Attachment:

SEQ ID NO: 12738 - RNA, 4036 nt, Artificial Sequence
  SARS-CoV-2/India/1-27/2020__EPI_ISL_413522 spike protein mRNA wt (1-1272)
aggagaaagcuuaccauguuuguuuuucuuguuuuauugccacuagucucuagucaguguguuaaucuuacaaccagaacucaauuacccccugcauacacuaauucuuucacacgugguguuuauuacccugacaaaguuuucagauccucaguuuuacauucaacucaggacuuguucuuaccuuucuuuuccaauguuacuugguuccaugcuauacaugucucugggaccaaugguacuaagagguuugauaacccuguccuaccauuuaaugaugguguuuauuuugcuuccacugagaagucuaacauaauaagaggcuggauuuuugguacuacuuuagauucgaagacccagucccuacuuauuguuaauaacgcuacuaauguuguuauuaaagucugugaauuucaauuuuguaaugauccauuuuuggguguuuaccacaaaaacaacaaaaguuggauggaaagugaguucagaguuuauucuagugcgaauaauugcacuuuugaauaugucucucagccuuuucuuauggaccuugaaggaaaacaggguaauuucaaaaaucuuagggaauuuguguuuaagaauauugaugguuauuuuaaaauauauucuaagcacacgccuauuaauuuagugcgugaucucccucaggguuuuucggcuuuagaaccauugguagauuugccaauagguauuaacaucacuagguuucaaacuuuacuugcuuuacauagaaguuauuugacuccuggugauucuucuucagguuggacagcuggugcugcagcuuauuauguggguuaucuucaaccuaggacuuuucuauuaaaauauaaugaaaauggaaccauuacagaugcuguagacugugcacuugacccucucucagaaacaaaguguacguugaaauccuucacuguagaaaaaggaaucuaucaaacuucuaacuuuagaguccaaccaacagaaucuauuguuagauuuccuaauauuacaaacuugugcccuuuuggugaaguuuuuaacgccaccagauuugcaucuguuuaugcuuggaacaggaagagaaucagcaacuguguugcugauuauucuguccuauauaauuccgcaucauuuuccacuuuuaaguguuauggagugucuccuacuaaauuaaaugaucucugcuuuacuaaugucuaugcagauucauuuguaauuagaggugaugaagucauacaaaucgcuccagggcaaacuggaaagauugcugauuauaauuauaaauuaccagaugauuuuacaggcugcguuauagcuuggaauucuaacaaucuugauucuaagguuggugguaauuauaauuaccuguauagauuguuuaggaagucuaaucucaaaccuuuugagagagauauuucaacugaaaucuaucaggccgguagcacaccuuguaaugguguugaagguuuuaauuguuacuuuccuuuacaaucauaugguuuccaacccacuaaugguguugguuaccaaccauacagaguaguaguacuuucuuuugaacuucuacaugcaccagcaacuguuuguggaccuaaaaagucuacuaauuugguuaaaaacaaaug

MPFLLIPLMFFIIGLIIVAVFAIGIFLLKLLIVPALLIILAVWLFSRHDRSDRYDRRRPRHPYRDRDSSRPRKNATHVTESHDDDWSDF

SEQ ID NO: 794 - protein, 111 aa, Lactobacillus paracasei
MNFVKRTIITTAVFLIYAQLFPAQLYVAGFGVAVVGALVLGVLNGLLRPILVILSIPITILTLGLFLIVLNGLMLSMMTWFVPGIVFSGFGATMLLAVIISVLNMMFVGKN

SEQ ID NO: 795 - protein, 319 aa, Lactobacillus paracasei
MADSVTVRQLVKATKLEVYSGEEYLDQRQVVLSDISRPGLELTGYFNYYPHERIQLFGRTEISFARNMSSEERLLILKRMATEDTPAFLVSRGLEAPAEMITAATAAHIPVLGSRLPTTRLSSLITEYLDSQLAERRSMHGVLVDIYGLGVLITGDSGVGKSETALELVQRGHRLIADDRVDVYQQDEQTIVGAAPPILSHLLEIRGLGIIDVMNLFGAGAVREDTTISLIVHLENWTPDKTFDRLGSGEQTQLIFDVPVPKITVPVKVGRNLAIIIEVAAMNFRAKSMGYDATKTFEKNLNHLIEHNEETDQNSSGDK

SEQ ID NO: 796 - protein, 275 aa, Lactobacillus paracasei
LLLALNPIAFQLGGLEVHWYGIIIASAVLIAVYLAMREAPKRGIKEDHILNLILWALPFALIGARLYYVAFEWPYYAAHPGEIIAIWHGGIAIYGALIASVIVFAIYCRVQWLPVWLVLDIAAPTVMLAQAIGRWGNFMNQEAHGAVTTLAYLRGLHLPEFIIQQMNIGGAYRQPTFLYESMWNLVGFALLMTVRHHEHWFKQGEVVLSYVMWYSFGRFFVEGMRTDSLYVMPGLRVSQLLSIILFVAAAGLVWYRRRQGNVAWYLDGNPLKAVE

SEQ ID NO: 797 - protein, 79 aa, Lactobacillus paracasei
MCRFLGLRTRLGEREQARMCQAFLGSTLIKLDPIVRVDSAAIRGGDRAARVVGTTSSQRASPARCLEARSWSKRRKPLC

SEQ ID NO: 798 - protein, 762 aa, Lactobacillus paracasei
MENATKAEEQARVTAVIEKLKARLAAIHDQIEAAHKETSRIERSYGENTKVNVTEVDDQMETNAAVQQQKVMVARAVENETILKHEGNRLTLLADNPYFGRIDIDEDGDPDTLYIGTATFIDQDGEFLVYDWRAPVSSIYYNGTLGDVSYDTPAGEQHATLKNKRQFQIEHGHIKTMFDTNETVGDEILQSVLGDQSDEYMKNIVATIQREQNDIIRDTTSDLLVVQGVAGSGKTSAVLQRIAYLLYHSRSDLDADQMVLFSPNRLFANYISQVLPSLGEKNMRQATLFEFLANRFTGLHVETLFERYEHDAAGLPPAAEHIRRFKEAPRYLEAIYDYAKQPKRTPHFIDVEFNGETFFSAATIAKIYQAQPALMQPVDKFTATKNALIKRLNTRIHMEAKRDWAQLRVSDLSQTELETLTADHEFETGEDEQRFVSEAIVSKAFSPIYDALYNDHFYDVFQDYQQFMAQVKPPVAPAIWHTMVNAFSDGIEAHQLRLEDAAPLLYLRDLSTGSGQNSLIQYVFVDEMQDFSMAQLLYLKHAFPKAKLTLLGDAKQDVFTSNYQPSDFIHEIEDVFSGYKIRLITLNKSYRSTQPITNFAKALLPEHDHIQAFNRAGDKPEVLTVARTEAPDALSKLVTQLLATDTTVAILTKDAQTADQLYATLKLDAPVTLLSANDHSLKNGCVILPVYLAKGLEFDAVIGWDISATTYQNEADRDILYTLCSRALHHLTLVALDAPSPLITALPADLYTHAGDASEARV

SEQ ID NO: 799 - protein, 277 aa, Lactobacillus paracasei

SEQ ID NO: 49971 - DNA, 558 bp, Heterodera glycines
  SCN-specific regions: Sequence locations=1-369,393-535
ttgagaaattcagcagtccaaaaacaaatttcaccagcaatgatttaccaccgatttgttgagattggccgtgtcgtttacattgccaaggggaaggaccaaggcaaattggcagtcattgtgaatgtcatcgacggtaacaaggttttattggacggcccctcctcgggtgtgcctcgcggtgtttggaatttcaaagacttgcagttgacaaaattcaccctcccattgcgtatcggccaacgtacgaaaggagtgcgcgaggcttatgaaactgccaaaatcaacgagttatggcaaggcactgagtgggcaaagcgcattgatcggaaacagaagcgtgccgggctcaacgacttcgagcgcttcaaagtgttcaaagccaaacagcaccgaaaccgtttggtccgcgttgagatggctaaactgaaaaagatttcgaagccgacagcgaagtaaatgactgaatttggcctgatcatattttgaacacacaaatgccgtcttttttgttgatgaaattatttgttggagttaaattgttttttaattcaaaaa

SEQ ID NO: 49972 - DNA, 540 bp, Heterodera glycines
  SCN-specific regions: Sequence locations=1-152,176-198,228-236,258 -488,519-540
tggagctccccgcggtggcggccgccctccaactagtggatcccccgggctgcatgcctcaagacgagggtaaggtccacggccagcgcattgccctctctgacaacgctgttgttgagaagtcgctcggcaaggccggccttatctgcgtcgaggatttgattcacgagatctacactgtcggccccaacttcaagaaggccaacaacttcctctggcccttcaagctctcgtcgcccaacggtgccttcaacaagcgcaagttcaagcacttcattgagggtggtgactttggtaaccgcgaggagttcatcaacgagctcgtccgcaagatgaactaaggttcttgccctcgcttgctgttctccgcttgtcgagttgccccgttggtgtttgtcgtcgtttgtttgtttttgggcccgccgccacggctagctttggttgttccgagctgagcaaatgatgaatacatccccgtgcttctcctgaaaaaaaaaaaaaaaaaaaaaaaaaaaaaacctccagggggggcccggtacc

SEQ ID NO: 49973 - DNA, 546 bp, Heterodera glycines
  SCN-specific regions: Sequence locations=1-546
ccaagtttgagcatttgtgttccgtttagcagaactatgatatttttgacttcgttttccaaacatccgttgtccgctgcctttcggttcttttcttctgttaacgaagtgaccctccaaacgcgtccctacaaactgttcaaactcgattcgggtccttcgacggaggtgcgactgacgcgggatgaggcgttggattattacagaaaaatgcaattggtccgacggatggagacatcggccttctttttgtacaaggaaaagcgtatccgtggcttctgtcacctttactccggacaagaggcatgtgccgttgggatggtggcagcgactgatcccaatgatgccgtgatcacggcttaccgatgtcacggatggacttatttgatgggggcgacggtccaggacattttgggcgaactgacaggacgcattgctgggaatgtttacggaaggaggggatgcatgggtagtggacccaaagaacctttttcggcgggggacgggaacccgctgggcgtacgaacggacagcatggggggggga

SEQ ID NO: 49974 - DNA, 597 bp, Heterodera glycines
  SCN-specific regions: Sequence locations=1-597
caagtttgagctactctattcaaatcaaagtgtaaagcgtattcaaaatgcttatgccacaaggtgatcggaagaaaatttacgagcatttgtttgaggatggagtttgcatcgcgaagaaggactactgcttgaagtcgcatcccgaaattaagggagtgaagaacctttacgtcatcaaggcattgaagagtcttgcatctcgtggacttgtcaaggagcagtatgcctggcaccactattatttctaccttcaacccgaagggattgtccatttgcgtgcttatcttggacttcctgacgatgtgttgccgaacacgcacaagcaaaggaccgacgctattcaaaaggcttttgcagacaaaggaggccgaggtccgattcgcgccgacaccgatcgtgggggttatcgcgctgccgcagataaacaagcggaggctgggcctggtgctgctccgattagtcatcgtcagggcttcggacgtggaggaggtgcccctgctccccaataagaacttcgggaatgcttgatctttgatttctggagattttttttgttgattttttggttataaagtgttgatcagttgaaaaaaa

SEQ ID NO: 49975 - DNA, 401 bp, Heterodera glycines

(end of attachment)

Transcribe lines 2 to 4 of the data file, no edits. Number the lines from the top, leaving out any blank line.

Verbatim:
  SARS-CoV-2/India/1-27/2020__EPI_ISL_413522 spike protein mRNA wt (1-1272)
aggagaaagcuuaccauguuuguuuuucuuguuuuauugccacuagucucuagucaguguguuaaucuuacaaccagaacucaauuacccccugcauacacuaauucuuucacacgugguguuuauuacccugacaaaguuuucagauccucaguuuuacauucaacucaggacuuguucuuaccuuucuuuuccaauguuacuugguuccaugcuauacaugucucugggaccaaugguacuaagagguuugauaacccuguccuaccauuuaaugaugguguuuauuuugcuuccacugagaagucuaacauaauaagaggcuggauuuuugguacuacuuuagauucgaagacccagucccuacuuauuguuaauaacgcuacuaauguuguuauuaaagucugugaauuucaauuuuguaaugauccauuuuuggguguuuaccacaaaaacaacaaaaguuggauggaaagugaguucagaguuuauucuagugcgaauaauugcacuuuugaauaugucucucagccuuuucuuauggaccuugaaggaaaacaggguaauuucaaaaaucuuagggaauuuguguuuaagaauauugaugguuauuuuaaaauauauucuaagcacacgccuauuaauuuagugcgugaucucccucaggguuuuucggcuuuagaaccauugguagauuugccaauagguauuaacaucacuagguuucaaacuuuacuugcuuuacauagaaguuauuugacuccuggugauucuucuucagguuggacagcuggugcugcagcuuauuauguggguuaucuucaaccuaggacuuuucuauuaaaauauaaugaaaauggaaccauuacagaugcuguagacugugcacuugacccucucucagaaacaaaguguacguugaaauccuucacuguagaaaaaggaaucuaucaaacuucuaacuuuagaguccaaccaacagaaucuauuguuagauuuccuaauauuacaaacuugugcccuuuuggugaaguuuuuaacgccaccagauuugcaucuguuuaugcuuggaacaggaagagaaucagcaacuguguugcugauuauucuguccuauauaauuccgcaucauuuuccacuuuuaaguguuauggagugucuccuacuaaauuaaaugaucucugcuuuacuaaugucuaugcagauucauuuguaauuagaggugaugaagucauacaaaucgcuccagggcaaacuggaaagauugcugauuauaauuauaaauuaccagaugauuuuacaggcugcguuauagcuuggaauucuaacaaucuugauucuaagguuggugguaauuauaauuaccuguauagauuguuuaggaagucuaaucucaaaccuuuugagagagauauuucaacugaaaucuaucaggccgguagcacaccuuguaaugguguugaagguuuuaauuguuacuuuccuuuacaaucauaugguuuccaacccacuaaugguguugguuaccaaccauacagaguaguaguacuuucuuuugaacuucuacaugcaccagcaacuguuuguggaccuaaaaagucuacuaauuugguuaaaaacaaaug

MPFLLIPLMFFIIGLIIVAVFAIGIFLLKLLIVPALLIILAVWLFSRHDRSDRYDRRRPRHPYRDRDSSRPRKNATHVTESHDDDWSDF